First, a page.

“But we keep three events a total mystery until the students arrive,” he said. “The students can practice the events I send out, but nothing is made in advance. All of the challenges are completed during the events.”

For FSK’s Loy, the competition was right up his ally.

“I like to make something out of nothing,” he said. “If it is effective, at the end of the day I can say that I applied my knowledge to everyday items, and made it work.”

Rohde focused on meshing as a team.

“I think a lot of things can be done faster when we work as a team,” she said.

Others agreed.

“Having a team is an opportunity to have multiple perspectives,” Schiari said. “You can actually combine the perspectives of five people for a team perspective.”

Daniel Dreyer wasn’t completely convinced.

“Multiple people having different ideas can sometimes be too much,” he said. “Conflicting ideas can slow you down.”

Mason Francisco found the truth somewhere in the middle.

“Having conflicting ideas can slow you down, but it’s not necessarily a bad thing,” he said. “It’s just something you have to balance out.”

Durkin said he could never put on an event like this, without teamwork.

“I have a team of a dozen physics teachers who help formulate the events and rules, and then serve as chief judges for the individual events,” he said. “The Maryland Space Business Roundtable is an organization of space based industries in Maryland and every they generously provide us with the funding to hold the Olympics. They help pay for the T-shirts, and they pay for the plaques for the top three place holders and honor the winning school with a check for $1000. The winning team is also honored at their spring banquet. Their support has been fantastic over the years and it helps provide an incentive for the participants."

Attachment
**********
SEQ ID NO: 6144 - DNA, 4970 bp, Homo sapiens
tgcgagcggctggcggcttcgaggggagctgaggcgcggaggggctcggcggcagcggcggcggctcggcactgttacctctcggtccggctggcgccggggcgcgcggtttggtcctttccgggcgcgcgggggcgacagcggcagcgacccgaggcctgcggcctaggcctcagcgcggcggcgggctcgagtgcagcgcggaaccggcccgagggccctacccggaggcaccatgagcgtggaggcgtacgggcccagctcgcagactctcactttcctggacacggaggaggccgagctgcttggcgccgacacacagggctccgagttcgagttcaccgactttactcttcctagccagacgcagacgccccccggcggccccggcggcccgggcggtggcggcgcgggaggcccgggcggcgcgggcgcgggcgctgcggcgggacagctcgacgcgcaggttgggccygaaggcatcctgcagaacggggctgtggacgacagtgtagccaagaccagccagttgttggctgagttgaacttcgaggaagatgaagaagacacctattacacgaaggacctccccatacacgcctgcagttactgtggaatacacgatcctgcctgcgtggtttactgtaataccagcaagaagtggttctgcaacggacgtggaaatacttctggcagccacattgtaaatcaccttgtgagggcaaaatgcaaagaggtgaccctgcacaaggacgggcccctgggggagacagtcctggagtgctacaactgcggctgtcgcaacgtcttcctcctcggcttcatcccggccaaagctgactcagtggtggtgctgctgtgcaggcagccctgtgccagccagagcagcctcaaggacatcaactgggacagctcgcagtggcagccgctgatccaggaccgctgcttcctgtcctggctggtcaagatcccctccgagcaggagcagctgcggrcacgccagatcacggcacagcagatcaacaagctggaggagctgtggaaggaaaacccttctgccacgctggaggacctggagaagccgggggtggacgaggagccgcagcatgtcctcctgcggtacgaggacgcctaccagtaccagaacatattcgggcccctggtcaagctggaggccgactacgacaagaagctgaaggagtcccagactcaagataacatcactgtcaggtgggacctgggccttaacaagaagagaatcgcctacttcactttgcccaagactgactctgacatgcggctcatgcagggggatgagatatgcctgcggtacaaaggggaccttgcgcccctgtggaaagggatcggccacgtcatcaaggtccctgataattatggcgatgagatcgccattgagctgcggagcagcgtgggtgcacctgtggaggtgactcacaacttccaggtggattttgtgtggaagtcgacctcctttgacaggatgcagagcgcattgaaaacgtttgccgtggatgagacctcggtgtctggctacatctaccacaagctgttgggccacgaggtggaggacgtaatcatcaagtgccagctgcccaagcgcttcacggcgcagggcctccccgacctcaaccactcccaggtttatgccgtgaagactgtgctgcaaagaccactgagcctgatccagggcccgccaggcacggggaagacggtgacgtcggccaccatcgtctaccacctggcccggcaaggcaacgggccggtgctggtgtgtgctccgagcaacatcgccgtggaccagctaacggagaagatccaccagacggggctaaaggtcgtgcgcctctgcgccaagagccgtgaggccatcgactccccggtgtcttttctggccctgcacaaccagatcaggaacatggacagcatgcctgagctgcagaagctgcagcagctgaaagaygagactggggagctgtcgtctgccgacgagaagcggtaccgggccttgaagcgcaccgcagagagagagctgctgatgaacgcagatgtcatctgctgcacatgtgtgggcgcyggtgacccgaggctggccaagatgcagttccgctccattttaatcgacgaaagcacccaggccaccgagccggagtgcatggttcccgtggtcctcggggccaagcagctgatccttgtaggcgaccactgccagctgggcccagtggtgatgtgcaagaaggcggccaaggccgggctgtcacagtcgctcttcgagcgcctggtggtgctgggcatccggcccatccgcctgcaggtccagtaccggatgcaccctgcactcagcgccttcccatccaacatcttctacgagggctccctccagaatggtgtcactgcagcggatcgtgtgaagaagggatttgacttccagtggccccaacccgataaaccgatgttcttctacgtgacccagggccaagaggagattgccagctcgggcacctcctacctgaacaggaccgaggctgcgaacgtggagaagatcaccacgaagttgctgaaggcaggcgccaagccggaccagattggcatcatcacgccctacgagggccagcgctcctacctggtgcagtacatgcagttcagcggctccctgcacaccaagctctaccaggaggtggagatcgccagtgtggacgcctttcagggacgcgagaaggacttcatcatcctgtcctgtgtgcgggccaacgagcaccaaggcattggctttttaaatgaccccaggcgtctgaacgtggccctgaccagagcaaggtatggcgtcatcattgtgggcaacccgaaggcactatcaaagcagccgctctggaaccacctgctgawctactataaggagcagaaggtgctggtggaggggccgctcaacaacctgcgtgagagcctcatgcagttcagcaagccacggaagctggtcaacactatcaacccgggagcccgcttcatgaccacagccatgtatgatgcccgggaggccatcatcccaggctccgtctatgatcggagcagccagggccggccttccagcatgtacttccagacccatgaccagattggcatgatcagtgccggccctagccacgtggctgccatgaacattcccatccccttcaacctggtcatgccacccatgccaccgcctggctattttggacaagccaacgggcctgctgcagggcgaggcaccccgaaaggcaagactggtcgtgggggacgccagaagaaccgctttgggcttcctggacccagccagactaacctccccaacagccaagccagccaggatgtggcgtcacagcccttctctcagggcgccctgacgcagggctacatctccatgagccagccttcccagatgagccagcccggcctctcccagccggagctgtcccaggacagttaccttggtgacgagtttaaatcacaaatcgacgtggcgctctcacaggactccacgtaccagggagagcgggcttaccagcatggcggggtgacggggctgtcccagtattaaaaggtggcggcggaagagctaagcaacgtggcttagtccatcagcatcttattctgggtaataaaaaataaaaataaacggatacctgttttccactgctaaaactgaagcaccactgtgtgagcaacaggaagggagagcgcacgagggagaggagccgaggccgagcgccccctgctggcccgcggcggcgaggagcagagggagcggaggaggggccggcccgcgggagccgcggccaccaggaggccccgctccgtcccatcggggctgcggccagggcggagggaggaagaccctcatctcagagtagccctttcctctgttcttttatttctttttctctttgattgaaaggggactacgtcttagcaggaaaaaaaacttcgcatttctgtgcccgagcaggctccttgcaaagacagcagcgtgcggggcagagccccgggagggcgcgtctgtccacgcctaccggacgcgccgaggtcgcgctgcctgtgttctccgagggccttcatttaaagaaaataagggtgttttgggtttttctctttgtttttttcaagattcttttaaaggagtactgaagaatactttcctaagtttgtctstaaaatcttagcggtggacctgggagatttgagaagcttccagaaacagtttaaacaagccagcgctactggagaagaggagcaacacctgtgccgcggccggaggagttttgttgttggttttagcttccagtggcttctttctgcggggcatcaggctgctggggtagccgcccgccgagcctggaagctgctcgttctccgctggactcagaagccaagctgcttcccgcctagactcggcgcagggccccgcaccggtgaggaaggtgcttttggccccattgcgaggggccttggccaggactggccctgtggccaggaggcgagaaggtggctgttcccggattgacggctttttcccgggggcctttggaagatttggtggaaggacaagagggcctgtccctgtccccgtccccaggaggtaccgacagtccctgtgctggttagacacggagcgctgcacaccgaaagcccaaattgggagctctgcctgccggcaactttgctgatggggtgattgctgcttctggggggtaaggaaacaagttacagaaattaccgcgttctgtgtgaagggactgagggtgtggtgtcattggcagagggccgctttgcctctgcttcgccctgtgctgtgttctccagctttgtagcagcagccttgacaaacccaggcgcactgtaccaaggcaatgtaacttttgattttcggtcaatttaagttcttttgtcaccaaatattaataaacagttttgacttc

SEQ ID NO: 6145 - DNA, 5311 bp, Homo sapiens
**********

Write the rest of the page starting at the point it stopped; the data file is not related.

A team from Mount Hebron accumulated the most points Saturday. The South Carroll A team was the top finisher among Carroll County squads. But this much more than a competition.

The energy the kids bring to the event is what Durkin said keeps him going.

“The idea is to get kids excited about physics and science," he said. "As we continue to move forward as a society, we need people trained to become our next set of researchers and problem solvers.”

Boonsboro High School instructor, Ralph von Philp sees that excitement in his pupils.

“It always amazes me that this many students come out on a Saturday to compete in a physics event,” von Philp said. “I don’t even give my kids extra credit to come. They practice after school, they are here, and they don’t even get a grade or extra credit to do it.”

TEAM RESULTS

Mt. Hebron B 1,950, Arundel A 1,765, Long Reach A 1,760, Northwest B 1720, Middletown A 1,715, Northwest D 1,690, Northwest C 1,655, Bethesda-CC B 1,645, Middletown B 1,645, Northwest A 1,645 Boonsboro B 1,575, Hereford B 1,575, South Carroll A 1,550, Gerstell A 1,540, Loyola B 1,450, Stone Ridge B 1,430, Arundel B 1,385, Mt. Hebron A 1,375, Bethesda-CC C 1,345, Liberty B 1,330, River Hill B 1,320, Loyola D 1,295, River Hill A 1,270, Bethesda-CC A 1,220, Boonsboro A 1,185, Liberty C 1,180, Paint Branch B 1,175, Damascus A 1,130, Southern B 1,110, Boonsboro C 1,050, Loyola A 1,040 Stone Ridge 1,035, Paint Branch A 1,025, Southern A 1,005, Francis Scott Key A 995, Hereford A 940, Stone Ridge C 920, Oldfields B 890, Liberty A 880, Loyola C 845, Oldfields A 815, Long Reach B 780, Gerstell C 745, Gerstell B 730, Stone Ridge D 465.